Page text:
All I need’s an audience. I’m an exhibitionist.
This quotation from Chapter 4 captures Holden’s thoughts while he tap dances for Stradlater in their dorm bathroom at Pencey, and it offers a key to Holden’s behavior throughout the novel. An exhibitionist is usually motivated to act out of a need for attention, and Holden needs attention badly. In fact, Holden seems to be looking for an audience throughout the novel: he constantly leaves the privacy of his hotel room for public places, strikes up conversations with strangers, and even meets up with old acquaintances he claims not to like very much, such as Sally Hayes and Carl Luce.
In the first place, I hate actors. They never act like people.
Holden makes this observation in Chapter 16 when buying theater tickets for his date with Sally. Actors epitomize the artificiality and “phoniness” that Holden despises. Yet, according to Holden, many of the “phony” people he knows don’t act “like people” either. Thus, Holden seems to be chasing after an idea of authenticity that does not exist in reality. In other words, everyone is an actor. Even Holden, a self-proclaimed exhibitionist, is an actor in search of an audience.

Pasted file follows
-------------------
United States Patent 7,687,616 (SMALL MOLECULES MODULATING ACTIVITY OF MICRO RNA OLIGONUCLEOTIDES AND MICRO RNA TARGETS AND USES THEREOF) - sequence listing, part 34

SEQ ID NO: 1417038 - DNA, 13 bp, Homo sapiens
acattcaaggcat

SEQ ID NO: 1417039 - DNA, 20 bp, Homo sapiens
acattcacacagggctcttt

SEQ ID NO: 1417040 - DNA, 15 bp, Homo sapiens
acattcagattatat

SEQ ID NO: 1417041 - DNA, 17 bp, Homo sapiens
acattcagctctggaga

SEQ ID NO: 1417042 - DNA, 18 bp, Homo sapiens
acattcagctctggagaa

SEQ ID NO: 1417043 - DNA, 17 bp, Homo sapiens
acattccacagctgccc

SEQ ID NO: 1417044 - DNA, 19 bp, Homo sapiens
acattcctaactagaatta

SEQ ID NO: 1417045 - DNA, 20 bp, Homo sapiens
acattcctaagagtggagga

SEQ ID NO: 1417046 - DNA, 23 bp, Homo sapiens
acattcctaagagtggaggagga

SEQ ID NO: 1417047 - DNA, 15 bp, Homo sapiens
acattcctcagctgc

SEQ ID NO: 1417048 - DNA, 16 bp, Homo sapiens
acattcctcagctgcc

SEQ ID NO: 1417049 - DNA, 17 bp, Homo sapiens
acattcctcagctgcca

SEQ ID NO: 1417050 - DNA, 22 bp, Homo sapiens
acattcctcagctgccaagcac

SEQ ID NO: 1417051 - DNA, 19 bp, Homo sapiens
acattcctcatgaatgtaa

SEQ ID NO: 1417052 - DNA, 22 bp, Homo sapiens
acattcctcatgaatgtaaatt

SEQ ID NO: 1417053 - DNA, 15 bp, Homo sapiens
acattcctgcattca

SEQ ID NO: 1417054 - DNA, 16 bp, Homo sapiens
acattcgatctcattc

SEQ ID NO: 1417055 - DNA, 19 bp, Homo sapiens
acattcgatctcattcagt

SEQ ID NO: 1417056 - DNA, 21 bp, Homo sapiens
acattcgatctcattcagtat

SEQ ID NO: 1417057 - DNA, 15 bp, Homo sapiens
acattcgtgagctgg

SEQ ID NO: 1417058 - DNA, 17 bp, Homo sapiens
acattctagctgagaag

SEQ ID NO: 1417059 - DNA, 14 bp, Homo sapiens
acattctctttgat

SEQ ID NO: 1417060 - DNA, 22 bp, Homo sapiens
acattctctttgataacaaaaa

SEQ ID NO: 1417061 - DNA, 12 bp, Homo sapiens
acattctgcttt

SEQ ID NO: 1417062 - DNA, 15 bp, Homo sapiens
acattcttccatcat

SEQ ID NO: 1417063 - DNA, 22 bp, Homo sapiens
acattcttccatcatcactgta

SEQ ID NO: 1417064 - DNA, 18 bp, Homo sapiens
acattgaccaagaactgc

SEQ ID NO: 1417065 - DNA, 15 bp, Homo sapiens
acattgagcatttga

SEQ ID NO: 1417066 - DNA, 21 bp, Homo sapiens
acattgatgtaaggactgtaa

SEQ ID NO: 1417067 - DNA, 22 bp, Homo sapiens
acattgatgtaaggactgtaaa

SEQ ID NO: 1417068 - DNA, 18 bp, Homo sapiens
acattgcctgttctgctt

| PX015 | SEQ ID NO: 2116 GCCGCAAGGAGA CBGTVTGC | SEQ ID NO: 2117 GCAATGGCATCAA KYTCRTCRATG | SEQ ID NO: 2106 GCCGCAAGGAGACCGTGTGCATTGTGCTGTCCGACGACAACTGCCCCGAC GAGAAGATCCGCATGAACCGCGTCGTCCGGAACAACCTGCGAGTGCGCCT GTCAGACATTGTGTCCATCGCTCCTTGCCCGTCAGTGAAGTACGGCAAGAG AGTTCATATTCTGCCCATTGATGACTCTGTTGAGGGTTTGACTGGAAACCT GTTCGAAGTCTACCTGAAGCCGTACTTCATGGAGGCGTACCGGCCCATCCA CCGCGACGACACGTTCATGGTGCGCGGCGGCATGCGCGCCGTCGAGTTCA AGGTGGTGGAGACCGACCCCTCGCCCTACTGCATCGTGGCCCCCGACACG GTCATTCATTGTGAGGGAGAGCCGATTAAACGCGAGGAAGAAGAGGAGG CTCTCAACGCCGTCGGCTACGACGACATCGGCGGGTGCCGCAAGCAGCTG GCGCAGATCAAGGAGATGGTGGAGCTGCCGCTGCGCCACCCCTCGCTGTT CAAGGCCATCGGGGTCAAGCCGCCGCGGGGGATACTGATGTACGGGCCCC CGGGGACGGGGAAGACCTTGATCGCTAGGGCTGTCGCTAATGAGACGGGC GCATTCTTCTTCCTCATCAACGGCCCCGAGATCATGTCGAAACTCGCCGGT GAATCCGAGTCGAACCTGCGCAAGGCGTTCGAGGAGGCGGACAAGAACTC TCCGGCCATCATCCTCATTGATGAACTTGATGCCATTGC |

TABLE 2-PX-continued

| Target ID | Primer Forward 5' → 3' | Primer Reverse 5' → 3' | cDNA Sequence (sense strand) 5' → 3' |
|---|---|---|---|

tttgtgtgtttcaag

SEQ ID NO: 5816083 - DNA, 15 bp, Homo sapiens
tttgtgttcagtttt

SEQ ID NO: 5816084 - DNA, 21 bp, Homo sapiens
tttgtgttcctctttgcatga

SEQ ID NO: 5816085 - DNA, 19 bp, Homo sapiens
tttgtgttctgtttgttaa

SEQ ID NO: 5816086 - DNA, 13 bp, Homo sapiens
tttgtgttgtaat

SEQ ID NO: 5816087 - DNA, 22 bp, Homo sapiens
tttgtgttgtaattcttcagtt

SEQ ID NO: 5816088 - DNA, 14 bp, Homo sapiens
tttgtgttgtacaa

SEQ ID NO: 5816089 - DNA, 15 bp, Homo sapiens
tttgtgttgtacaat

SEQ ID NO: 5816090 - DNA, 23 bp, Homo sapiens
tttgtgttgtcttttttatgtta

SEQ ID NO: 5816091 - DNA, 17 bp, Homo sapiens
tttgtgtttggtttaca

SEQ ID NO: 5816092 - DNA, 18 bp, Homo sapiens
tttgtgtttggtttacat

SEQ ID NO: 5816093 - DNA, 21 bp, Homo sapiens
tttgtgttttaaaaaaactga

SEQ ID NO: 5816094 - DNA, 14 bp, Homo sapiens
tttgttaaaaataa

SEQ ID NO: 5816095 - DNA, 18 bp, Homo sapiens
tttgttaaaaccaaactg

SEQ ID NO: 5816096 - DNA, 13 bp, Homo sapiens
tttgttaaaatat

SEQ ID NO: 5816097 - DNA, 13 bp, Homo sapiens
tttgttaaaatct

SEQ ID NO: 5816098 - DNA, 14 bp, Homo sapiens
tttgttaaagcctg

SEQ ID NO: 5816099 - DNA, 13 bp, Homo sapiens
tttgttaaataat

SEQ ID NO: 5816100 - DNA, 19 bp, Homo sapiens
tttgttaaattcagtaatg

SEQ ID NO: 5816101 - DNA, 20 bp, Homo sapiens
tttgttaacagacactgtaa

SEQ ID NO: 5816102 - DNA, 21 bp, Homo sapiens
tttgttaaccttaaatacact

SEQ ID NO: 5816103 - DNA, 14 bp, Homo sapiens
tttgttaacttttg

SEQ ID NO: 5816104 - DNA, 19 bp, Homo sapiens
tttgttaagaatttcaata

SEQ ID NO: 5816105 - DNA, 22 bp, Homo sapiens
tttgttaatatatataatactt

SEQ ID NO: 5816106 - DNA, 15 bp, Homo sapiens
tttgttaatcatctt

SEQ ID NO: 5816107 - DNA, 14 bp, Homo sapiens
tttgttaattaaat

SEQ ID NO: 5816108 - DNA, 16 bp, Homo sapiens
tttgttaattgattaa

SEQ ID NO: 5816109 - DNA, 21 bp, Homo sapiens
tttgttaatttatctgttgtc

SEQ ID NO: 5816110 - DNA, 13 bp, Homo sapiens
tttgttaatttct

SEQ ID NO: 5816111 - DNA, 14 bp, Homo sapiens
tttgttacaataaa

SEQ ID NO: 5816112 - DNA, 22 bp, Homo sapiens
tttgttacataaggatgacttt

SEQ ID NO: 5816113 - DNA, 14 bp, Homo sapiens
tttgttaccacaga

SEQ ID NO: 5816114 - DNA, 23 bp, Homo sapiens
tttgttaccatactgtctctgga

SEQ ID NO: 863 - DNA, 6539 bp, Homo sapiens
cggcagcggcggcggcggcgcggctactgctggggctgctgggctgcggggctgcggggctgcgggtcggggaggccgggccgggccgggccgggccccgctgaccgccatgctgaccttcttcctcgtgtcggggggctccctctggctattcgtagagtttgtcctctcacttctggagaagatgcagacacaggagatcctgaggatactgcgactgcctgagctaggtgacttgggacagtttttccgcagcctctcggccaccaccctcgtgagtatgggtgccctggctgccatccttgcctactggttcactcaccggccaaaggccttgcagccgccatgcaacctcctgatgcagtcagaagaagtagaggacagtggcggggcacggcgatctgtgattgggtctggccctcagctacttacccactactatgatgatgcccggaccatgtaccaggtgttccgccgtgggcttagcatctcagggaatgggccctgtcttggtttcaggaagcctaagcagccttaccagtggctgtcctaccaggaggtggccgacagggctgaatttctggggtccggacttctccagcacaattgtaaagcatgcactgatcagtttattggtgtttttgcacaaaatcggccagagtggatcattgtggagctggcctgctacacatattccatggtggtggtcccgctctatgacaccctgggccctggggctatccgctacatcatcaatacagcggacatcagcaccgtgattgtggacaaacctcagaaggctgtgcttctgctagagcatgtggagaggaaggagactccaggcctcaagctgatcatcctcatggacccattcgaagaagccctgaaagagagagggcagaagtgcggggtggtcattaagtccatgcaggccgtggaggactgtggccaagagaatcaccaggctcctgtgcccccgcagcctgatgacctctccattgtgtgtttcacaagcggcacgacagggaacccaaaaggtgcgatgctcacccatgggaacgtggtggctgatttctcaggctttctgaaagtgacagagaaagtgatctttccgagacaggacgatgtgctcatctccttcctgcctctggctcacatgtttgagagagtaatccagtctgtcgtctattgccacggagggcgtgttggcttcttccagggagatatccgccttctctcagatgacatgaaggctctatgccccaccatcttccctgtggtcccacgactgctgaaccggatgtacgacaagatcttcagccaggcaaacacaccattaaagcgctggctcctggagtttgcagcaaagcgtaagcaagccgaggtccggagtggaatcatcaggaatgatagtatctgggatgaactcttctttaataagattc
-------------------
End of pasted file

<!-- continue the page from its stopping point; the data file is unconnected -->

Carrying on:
If you do something too good, then, after a while, if you don’t watch it, you start showing off. And then you’re not as good any more.
This comment, which appears in Chapter 17, is prompted by the famous actor couple, the Lunts, whom Holden and Sally see perform during their date. This moment helps explain Holden’s aversion to both performance and success. He seems to believe that performance and talent somehow corrupt the performer and that success will turn a person into a showoff or a phony. This belief may also help explain why Holden continues to fail out of school: he is afraid that academic success will corrupt him.